Financial experts fill a variety of roles and functions as collaborative team members. Often, the conflict that people have is about money or property. Examples of these conflicts that can be resolved in the collaborative process equitably can be in a divorce where valuation of a business needs to be determined in order to divide property, or a civil matter regarding the division of a business or estate matters.
Which financial expert or experts will be brought into the case depends on the needs of the clients and the nature of the specific dispute. A financial expert could be a business appraiser who values a business, a forensic accountant who helps trace separate property claims, a financial planner who helps the parties plan for the future, or a tax expert who helps determine the tax implications of various alternative approaches to resolving the problem.
Frequently, CPA’s are brought into this process as financial neutrals, which means that they do not take sides or advocate for one party’s position over another. As a financial neutral, the CPA can identify and value assets and liabilities, calculate income for purposes of alimony and child support, and help structure an equitable distribution in a manner that is most favorable from a tax perspective. The financial neutral can provide a valuable sounding board for the parties in developing solutions that meet the parties’ goals. A forensic CPA can also help insure all assets are accounted for assets or trace assets from premarital to post marital periods..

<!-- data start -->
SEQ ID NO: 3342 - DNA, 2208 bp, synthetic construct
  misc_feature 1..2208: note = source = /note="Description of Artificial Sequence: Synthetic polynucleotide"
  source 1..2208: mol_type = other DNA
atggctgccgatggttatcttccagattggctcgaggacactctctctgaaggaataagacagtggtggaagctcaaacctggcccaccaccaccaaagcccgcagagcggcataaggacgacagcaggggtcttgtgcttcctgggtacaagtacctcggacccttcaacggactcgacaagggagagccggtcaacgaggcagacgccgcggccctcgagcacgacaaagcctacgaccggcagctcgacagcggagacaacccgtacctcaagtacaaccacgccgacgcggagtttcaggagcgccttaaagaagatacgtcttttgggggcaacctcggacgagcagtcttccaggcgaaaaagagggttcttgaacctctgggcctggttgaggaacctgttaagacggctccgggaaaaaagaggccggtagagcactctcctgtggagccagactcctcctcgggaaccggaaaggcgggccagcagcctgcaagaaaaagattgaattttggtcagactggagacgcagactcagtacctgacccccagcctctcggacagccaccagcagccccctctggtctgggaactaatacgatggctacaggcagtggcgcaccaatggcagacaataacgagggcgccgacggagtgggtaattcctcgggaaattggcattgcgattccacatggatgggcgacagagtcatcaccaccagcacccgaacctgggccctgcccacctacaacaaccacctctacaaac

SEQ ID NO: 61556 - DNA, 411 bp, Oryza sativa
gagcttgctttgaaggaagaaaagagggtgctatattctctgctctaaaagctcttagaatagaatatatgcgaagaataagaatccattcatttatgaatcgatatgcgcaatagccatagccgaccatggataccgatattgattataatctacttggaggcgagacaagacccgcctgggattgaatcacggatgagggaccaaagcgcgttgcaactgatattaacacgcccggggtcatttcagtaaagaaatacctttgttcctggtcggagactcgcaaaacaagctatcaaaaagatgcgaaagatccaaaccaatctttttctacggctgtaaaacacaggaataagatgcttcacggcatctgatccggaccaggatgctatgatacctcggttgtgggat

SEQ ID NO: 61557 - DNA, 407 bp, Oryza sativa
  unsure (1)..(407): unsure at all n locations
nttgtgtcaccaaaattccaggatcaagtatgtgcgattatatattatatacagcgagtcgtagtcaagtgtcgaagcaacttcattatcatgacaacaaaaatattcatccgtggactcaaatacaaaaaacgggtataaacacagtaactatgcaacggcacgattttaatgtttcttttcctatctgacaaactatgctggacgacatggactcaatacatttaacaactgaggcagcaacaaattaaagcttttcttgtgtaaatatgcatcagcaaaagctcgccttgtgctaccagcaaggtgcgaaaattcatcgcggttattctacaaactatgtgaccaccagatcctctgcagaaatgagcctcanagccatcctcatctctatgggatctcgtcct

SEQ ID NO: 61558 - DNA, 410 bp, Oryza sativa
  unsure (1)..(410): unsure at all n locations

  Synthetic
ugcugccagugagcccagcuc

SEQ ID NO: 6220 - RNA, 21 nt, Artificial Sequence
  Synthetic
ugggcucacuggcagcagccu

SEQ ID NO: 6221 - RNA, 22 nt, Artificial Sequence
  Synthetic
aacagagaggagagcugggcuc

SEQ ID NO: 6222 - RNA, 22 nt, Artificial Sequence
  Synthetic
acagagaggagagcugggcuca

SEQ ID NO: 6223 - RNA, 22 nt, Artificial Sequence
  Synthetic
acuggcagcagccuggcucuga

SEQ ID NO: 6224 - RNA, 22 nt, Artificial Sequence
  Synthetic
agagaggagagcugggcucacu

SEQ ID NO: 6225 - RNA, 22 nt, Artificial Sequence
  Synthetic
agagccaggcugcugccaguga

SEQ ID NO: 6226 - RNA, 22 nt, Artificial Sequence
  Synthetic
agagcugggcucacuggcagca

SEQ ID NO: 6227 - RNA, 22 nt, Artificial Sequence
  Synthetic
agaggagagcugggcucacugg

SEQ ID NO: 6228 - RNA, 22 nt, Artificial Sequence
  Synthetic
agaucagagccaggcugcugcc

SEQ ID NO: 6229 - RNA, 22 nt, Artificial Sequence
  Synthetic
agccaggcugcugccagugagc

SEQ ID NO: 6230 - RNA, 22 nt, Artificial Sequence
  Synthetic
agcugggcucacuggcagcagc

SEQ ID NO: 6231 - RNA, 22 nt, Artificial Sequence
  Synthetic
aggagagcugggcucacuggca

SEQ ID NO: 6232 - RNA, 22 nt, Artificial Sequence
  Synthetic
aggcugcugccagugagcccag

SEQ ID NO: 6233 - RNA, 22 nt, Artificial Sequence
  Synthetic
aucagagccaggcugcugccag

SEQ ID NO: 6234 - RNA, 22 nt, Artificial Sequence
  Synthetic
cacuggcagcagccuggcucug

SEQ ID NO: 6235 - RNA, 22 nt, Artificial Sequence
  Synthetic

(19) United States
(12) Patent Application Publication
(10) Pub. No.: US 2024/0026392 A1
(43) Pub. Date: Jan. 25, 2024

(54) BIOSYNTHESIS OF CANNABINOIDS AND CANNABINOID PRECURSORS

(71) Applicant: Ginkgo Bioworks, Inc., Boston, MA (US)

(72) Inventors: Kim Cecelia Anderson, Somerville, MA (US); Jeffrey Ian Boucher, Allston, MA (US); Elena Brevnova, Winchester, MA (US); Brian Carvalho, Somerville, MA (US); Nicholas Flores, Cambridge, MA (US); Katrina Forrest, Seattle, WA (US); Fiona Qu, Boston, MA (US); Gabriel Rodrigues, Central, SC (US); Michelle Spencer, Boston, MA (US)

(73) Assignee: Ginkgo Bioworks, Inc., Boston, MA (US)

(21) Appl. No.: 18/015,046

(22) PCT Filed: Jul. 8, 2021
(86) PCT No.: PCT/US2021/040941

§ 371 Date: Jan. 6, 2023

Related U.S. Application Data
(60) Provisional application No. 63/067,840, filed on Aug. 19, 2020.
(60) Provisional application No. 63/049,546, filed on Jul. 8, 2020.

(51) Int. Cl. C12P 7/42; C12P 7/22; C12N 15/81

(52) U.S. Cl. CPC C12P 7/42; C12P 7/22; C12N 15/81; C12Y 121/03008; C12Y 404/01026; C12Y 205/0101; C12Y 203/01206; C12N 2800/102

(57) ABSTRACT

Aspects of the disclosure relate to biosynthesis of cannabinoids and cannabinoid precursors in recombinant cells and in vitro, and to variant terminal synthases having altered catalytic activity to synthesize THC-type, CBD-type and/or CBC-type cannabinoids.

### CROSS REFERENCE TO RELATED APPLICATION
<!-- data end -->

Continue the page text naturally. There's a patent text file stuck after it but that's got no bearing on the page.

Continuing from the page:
CPA’s who act as financial neutrals must follow the AICPA Code of Professional Conduct. This means that they must maintain objectivity and integrity, be free of conflicts of interest, and shall not knowingly misrepresent facts or subordinate his or her judgment to others. An important distinction between the advocacy roles of attorneys and CPAs is that attorneys are advocates for their clients and CPAs are advocates for their opinions, which can reinforce their neutrality.
When financial experts are brought into the case, they become part of the team in finding solutions that benefit all parties. These trained professionals assist the parties in developing solution-oriented goals that the parties can live with for the long-term.
The composition of each collaborative team varies according to the clients’ needs. Although initially it may seem more costly to hire a team of professionals, collaborative teams work in a concerted effort to resolve issues more fully and more comprehensively than in litigated cases. Additionally, collaborative cases are completed on the parties’ own timeline, rather than the court’s, often allowing clients an opportunity to move past the conflict and move on with their lives in a shorter period of time.
CCWM is an organization dedicated to increasing public awareness of the collaborative process through a speaker’s bureau and public education. We also conduct monthly meetings and discussion groups. CCWM will also be developing training opportunities for professionals interested in the collaborative process.
The Collaborative Council has a number of outstanding trained speakers who are willing to volunteer to make presentations to service clubs, fraternal orders, professional organizations, and similar groups about Collaborative Practice. If your group is looking for people to present such programs, please contact our Speakers Bureau chairperson, Brian A. Kane at 301-790-3600 or email him at firstname.lastname@example.org.